More than 60 percent of the Himalayan nation’s 18 million eligible voters cast their ballots in the election amid rising prices and unemployment.
Millions of voters in Nepal cast their ballot on Sunday to elect a new government, with rising prices, unemployment and political instability topping the agenda.
People stood in long queues to vote in the general election, which pits the alliance of centrist Nepali Congress party led by Prime Minister Sher Bahadur Deuba, against the Communist Party of Nepal – Unified Marxist Leninist, led by former Prime Minister Khadga Prasad Oli.
The Maoist communist party is fighting the election in alliance with the Nepali Congress party.
Nepal’s 275-member parliament and the 550 members of seven provincial assemblies are elected through a mix of first-past-the-post and proportional representation systems.
“I voted for economic development, ensuring jobs, food, clothes, education and health services,” said Rajesh Kumar Subedi, 52, who cast his ballot at a voting centre in Phaimlamchuli, a suburb of the capital Kathmandu.
After polling closed, Chief Election Commissioner Dinesh Thapalia said 61 percent of the country’s 18 million eligible voters had cast their ballots, according to preliminary estimates, down from the 68 percent seen at the last election in 2017.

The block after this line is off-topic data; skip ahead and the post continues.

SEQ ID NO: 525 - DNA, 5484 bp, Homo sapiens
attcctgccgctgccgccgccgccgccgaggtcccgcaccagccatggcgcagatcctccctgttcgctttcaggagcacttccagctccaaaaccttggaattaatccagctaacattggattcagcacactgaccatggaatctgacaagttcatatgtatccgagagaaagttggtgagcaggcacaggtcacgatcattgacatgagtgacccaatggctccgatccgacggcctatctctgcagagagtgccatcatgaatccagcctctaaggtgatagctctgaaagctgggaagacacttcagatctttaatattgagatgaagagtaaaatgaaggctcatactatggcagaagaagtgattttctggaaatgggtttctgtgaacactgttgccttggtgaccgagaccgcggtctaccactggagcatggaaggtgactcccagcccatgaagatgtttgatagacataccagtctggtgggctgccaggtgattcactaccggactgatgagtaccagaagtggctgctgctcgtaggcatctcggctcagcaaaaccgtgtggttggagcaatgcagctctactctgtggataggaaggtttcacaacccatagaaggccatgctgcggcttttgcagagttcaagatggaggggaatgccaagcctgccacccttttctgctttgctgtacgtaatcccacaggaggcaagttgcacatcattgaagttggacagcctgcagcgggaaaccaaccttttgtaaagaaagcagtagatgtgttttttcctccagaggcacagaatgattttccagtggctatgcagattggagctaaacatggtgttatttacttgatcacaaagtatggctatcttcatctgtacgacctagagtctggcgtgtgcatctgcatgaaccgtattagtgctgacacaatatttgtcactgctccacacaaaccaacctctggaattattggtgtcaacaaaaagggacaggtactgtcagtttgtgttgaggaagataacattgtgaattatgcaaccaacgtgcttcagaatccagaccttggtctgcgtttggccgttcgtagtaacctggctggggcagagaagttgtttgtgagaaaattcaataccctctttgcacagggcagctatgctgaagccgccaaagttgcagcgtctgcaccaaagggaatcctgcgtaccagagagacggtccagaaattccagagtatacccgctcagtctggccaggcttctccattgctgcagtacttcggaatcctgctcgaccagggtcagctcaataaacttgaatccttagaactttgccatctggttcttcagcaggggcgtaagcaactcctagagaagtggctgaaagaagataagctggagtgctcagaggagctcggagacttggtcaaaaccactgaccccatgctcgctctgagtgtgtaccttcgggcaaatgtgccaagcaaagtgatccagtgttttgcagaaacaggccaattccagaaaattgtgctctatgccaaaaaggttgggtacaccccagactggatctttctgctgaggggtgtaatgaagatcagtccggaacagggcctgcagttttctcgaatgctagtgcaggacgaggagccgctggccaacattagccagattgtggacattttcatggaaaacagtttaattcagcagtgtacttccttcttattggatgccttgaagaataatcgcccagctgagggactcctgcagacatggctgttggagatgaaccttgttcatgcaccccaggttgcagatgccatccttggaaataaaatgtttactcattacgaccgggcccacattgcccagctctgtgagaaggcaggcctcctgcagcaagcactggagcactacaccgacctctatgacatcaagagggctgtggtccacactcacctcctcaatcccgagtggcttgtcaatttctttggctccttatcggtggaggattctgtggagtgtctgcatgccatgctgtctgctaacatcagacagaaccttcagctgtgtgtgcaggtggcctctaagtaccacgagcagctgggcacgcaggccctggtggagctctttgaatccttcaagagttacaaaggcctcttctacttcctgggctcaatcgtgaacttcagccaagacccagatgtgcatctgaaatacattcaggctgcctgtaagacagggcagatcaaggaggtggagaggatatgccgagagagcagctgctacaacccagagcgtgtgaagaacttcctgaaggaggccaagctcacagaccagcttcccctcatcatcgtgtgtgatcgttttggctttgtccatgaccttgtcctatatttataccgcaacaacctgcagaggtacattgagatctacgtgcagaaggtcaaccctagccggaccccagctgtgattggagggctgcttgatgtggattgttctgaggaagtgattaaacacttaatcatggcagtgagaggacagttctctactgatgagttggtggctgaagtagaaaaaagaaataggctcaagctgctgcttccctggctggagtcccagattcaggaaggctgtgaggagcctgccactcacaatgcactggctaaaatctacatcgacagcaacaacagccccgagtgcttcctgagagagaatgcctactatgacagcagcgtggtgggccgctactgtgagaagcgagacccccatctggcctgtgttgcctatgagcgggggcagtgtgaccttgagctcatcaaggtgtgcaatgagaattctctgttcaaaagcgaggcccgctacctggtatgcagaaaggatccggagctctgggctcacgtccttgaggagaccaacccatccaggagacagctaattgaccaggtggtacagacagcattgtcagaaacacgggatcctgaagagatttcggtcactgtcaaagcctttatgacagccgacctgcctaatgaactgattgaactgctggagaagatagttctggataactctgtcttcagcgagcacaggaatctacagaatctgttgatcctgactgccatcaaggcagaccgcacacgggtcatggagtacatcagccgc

“It is less than our expectations,” he said.
One person was killed in a clash during the voting, which was otherwise largely peaceful, Thapalia added.
Vote counting in many places will start late on Sunday, the election commission said. It could take up to two weeks to declare the final results.
There were no pre-election polls, though political analysts expect the ruling alliance of the Nepali Congress and some former Maoist rebels to retain power.
Political stability has proven elusive for the poor nation, wedged between China and India, discouraging many investors. Nepal has had 10 governments since the abolition of a 239-year-old monarchy in 2008.
A new government will face the challenge of reviving the economy and curbing high prices at a time of fears that a global recession might reduce remittances, which account for about a quarter of the gross domestic product (GDP).
Tourism, which contributed four percent to GDP before the pandemic, has yet to fully recover. In the first 10 months of this year, roughly 450,000 tourists visited Nepal, less than half the number seen in the whole of 2019, before the COVID pandemic.
Foreign reserves are shrinking and the retail inflation rate has been hovering at six-year highs of about eight percent in the Himalayan nation, where one in five people live on less than $2 a day.
“We need political stability for faster growth of the economy and a government that can guarantee security to investors,” said Prakash Thapa, 25, another voter in the Phaimlamchuli suburb.